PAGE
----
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Linux, Unix, and *nix like Operating Systems Forum

Running Linux from a CD

 11:31 am on Nov 6, 2002 (gmt 0)

A freind of mine just turned me on to Knoppix, a version of Linux that runs from a CD rather than being installed on the hard drive. MY CD should arrive in a few days.

Anyone here have experience with this? Is it a good way to become conversant with the O/S?



 12:24 pm on Nov 6, 2002 (gmt 0)

I've never tried it, but I'd like to. It would be cool to keep one of those CDs handy for those time I'd be otherwise forced to use a MS desktop.

I have read only good things about KNOPPIX.

good read..


 8:41 pm on Nov 6, 2002 (gmt 0)

I tried the older version with KDE 2 and it was great. If you have a DHCP server in your local net, you are automatically connected to your network after boot, and your disks are mounted.
If you then configure special additional settings (network stuff like proxies or a mail user-ID), these config data can be written to a floppy to survive a shutdown and to be read in again at the next boot.


 8:20 am on Nov 7, 2002 (gmt 0)

There is talk that Debian is going to adapt Knoppix to be the Debian installer in the future. Seems like a smart thing to do, imagine what would happen if Debian was easier to install than Mandrake.


 10:24 am on Nov 7, 2002 (gmt 0)

I haven't used it but I've created my own boot CD based on Slackware 8.1. It was fun and it has all the nice utilities that I miss the other rescue CDs.


 1:18 pm on Nov 7, 2002 (gmt 0)

I hadn't read that the thought was in circulation, but I had it myself last night. The only problem I can think of with it is that it would make it impossible to install Debian on systems old enough that a CD-ROM drive isn't an option. You can deffinitely fit a more complete installation of Linux on a CD-ROM than on my laptop. The CD has more than siz times the available storage space :(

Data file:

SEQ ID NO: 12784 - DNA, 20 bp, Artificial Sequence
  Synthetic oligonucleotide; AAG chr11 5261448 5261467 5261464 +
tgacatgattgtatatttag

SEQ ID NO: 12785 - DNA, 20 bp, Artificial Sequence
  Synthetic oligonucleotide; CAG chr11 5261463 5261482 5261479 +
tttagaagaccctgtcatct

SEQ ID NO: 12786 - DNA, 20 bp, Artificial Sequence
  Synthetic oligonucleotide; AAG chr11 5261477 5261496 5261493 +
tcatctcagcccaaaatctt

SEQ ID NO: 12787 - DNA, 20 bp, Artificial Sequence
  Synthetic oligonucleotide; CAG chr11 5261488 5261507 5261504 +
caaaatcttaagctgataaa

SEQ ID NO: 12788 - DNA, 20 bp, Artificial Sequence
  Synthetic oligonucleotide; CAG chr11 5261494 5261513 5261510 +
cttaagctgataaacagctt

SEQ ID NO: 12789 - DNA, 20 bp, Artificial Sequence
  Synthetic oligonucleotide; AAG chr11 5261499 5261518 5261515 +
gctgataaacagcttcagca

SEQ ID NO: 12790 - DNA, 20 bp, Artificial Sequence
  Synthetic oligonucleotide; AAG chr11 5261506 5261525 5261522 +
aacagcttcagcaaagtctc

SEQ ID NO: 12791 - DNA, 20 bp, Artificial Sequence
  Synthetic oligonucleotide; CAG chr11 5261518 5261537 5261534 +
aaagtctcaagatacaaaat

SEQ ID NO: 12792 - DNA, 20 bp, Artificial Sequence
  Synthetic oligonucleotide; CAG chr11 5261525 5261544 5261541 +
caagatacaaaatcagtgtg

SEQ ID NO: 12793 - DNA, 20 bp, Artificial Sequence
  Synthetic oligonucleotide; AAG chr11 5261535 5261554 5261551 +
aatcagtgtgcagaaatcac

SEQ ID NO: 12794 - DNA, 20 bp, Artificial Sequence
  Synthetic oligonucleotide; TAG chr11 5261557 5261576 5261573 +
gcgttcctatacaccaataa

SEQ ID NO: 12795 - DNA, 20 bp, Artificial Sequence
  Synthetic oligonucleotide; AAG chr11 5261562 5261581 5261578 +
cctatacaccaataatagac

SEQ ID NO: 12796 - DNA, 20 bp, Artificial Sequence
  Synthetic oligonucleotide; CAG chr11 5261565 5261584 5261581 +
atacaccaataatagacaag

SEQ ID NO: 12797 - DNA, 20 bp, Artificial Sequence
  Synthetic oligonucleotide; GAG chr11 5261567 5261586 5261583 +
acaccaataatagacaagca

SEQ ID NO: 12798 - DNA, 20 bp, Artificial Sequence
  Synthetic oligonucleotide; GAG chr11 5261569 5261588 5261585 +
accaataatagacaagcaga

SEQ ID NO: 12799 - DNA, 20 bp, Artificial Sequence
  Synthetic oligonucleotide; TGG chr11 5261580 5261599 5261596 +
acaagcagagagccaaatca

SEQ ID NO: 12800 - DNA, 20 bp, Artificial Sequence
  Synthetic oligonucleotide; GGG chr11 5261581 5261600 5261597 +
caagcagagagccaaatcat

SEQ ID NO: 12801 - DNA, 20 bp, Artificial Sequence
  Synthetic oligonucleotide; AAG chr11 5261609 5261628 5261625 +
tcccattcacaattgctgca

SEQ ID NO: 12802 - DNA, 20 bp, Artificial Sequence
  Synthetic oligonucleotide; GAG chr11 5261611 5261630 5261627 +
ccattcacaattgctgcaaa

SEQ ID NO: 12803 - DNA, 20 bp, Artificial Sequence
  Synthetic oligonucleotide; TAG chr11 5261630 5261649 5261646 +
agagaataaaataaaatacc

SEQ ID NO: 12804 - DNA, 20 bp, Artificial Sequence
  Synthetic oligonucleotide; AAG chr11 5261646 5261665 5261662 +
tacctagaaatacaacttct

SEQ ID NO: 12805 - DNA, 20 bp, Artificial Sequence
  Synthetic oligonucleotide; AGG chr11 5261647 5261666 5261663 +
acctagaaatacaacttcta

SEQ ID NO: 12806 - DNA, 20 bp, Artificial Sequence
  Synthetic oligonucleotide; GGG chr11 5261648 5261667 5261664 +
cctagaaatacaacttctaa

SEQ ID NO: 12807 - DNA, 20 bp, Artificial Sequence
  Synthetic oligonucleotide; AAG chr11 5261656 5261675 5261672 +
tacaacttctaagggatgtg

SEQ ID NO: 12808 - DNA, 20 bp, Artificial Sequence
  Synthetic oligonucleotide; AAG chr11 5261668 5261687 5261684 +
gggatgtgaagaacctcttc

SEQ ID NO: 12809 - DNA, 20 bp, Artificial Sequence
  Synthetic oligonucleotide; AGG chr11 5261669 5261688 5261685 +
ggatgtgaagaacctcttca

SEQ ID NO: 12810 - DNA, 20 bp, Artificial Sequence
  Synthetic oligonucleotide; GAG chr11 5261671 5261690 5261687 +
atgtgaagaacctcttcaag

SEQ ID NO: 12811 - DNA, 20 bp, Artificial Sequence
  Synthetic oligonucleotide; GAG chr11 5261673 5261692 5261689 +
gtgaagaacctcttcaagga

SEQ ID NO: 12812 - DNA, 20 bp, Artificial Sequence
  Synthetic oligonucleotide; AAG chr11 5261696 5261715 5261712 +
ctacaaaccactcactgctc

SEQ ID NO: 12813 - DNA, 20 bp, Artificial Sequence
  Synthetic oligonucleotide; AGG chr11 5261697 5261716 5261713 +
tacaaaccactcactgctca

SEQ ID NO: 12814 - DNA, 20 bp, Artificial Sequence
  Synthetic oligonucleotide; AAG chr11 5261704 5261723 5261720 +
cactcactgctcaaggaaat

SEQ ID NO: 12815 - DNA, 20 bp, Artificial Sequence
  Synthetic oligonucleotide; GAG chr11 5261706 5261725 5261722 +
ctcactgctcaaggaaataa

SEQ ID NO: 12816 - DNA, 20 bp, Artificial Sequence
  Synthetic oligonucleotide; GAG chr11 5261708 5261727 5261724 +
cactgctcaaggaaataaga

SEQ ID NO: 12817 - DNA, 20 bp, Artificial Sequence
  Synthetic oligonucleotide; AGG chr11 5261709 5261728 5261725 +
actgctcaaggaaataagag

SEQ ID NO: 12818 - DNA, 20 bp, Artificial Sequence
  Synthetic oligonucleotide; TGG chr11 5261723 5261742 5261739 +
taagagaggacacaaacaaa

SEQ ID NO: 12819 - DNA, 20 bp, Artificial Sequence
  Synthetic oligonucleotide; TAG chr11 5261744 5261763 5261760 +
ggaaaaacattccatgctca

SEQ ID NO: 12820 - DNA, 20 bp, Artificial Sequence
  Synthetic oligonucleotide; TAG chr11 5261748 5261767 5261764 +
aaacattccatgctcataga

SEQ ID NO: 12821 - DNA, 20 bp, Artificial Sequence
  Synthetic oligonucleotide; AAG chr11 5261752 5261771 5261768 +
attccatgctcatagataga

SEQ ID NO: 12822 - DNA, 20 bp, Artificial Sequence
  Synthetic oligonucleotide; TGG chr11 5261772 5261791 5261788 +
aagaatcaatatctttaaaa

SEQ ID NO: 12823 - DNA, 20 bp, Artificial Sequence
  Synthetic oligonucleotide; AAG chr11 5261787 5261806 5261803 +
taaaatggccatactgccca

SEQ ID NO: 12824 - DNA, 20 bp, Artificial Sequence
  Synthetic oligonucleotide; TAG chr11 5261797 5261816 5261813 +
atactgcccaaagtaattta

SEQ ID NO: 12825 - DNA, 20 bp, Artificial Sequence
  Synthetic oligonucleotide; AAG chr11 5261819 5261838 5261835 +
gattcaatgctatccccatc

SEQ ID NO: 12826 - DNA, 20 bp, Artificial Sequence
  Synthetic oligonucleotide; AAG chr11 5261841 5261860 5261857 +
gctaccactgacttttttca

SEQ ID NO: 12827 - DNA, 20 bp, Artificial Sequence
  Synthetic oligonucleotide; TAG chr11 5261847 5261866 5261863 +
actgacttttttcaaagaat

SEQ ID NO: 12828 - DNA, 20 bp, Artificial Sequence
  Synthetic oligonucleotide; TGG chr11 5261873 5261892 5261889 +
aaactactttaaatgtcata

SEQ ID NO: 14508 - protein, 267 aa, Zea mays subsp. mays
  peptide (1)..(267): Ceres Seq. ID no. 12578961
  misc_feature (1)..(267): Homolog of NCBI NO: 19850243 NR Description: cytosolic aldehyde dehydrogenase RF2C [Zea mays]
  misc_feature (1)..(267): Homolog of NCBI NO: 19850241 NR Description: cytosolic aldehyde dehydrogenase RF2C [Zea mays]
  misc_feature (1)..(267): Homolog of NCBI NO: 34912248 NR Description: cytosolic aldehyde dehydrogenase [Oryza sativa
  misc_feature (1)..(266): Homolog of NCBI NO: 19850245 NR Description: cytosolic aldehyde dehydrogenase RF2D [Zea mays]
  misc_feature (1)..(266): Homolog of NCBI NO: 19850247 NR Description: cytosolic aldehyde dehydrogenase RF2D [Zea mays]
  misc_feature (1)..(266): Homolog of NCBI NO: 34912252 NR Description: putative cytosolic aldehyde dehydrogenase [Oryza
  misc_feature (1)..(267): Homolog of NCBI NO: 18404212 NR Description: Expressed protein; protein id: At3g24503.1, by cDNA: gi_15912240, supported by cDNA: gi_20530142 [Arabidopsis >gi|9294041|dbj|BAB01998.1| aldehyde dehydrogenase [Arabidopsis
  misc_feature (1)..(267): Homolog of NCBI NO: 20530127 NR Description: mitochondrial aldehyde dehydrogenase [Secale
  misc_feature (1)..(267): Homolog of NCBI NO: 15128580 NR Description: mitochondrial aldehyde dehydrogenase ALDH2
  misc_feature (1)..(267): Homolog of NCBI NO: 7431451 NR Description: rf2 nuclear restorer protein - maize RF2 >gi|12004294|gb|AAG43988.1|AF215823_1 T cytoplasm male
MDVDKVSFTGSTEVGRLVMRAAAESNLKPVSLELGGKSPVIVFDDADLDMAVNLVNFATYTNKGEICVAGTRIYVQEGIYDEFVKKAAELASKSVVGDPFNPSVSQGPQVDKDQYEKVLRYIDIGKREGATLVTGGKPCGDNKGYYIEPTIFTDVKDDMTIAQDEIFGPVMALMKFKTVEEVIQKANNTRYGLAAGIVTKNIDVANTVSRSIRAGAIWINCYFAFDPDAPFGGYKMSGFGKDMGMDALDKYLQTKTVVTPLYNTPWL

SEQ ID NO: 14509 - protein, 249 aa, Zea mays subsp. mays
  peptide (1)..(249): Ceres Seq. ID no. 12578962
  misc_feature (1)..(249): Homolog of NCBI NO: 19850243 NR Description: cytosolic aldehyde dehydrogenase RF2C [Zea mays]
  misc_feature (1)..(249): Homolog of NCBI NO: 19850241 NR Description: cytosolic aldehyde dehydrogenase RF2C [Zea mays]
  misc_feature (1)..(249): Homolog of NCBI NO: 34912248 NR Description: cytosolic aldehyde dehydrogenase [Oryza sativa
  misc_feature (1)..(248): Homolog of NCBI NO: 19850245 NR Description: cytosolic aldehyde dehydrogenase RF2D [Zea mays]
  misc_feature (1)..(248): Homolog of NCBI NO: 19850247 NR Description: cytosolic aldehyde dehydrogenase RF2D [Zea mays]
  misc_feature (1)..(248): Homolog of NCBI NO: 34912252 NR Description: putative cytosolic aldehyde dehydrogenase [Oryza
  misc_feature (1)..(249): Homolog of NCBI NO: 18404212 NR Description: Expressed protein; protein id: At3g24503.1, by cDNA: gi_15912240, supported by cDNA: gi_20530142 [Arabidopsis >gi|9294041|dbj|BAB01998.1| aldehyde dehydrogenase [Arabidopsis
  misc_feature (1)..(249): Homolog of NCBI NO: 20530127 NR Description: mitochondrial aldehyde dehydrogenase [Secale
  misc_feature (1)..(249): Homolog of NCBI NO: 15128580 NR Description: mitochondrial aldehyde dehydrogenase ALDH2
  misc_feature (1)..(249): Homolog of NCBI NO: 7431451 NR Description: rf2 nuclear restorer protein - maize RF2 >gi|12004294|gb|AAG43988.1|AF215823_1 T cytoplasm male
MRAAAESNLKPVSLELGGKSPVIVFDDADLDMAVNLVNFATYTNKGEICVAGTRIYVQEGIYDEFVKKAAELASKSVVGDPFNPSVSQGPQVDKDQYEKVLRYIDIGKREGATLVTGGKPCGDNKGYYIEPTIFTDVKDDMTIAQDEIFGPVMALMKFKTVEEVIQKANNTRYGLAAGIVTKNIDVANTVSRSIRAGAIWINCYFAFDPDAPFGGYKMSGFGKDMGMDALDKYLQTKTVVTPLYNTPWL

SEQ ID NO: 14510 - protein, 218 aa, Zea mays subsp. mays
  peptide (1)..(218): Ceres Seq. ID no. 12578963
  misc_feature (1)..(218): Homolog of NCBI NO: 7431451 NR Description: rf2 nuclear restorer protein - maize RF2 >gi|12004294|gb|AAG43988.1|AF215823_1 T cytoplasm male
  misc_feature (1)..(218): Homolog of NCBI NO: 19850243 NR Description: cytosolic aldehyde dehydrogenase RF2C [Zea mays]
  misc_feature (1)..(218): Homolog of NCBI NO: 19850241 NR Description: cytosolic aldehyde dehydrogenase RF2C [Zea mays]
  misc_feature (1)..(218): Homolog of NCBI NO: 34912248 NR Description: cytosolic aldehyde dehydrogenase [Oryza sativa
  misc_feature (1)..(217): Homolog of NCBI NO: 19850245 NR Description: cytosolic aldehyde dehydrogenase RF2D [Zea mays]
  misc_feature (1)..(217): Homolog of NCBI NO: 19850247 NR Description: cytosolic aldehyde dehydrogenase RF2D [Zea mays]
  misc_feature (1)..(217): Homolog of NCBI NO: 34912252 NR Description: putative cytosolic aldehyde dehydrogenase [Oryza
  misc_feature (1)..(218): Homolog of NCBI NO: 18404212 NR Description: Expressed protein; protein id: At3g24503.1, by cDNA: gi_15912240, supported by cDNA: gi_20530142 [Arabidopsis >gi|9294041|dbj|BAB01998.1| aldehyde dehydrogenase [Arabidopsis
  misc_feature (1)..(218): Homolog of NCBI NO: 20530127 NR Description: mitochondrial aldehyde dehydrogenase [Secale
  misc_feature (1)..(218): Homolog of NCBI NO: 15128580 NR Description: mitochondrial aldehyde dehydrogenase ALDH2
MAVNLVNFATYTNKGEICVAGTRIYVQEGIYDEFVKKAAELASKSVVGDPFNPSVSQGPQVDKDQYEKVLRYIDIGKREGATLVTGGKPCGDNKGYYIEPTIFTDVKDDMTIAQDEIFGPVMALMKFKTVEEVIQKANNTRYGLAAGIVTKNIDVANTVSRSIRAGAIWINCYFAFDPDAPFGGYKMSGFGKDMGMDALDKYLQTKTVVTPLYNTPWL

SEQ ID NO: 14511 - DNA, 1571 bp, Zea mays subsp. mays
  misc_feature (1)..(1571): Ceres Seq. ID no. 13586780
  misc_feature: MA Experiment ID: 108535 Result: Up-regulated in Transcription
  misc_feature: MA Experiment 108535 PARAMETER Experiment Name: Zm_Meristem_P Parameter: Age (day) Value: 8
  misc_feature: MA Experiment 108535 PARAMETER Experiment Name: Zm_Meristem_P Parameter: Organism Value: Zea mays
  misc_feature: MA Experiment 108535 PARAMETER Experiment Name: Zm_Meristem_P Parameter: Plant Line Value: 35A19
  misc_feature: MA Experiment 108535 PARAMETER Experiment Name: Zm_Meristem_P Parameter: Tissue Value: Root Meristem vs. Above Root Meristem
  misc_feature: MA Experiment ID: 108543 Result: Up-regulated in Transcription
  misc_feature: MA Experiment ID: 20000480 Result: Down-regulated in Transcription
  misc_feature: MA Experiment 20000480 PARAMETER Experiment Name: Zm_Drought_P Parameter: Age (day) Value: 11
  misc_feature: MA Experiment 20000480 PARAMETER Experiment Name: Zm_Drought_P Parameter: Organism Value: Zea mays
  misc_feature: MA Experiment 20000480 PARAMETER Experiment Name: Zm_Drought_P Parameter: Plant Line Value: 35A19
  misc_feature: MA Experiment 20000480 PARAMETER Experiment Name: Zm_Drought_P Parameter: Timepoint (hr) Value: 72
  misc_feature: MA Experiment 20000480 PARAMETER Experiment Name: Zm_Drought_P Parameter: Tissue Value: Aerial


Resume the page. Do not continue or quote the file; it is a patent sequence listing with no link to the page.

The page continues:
1:20 pm on Nov 7, 2002 (gmt 0)

The obvious issue here is that you won't be able to tune the kernal to suit your needs. The creators may have compiled it with everything under the sun to account for all possible situations or they may have left it bone dry (the extremes). It is more likely that they will have chosen what they think is a good default Kernal and shipped the product with that. But you'll get what you get for compiled services.


 1:30 pm on Nov 7, 2002 (gmt 0)

At the vey least, Knoppix is a great way to get an introduction to Linux without having to do anything complicated. All you do is insert the CD and you're running Linux. I highly recommend it for people who want to try Linux to see what it's like.


 2:28 pm on Nov 7, 2002 (gmt 0)

It probably is really a good choice to test the OS, I don't think that I can use it as an everyday option.

I remember that I first tried something that used UMSDOS filesystem and I didn't have to repartition to test Linux.


 4:31 pm on Nov 7, 2002 (gmt 0)

My introduction to Linux was with an older computer that I pieced together. I then downloaded a copy of Linux via RedHat and installed it. Used thier defaults and voila, had a server up and running in no time. I played with that for a while and then trashed that install in favor of the workstation install - again all defaults. The hardest part of the whole setup was the download of the tar files (several dozen MB as I recall). I never did do any customization but I had fun and learned a lot about the OS.

Then my coworker suggested I try Mandrake. Which I did try and found to be more stable on my machine.

The bottom line is that the difference between Mandrake, RedHat, and Knoppix will be in what they chose as the default versus what you need/expect. One install pkg could influence your opinion of the OS when it shouldn't - at least not without trying a couple more. Linux is a fantastic OS albeit more than I have time to learn. I prefer to leave it to my network friends. :)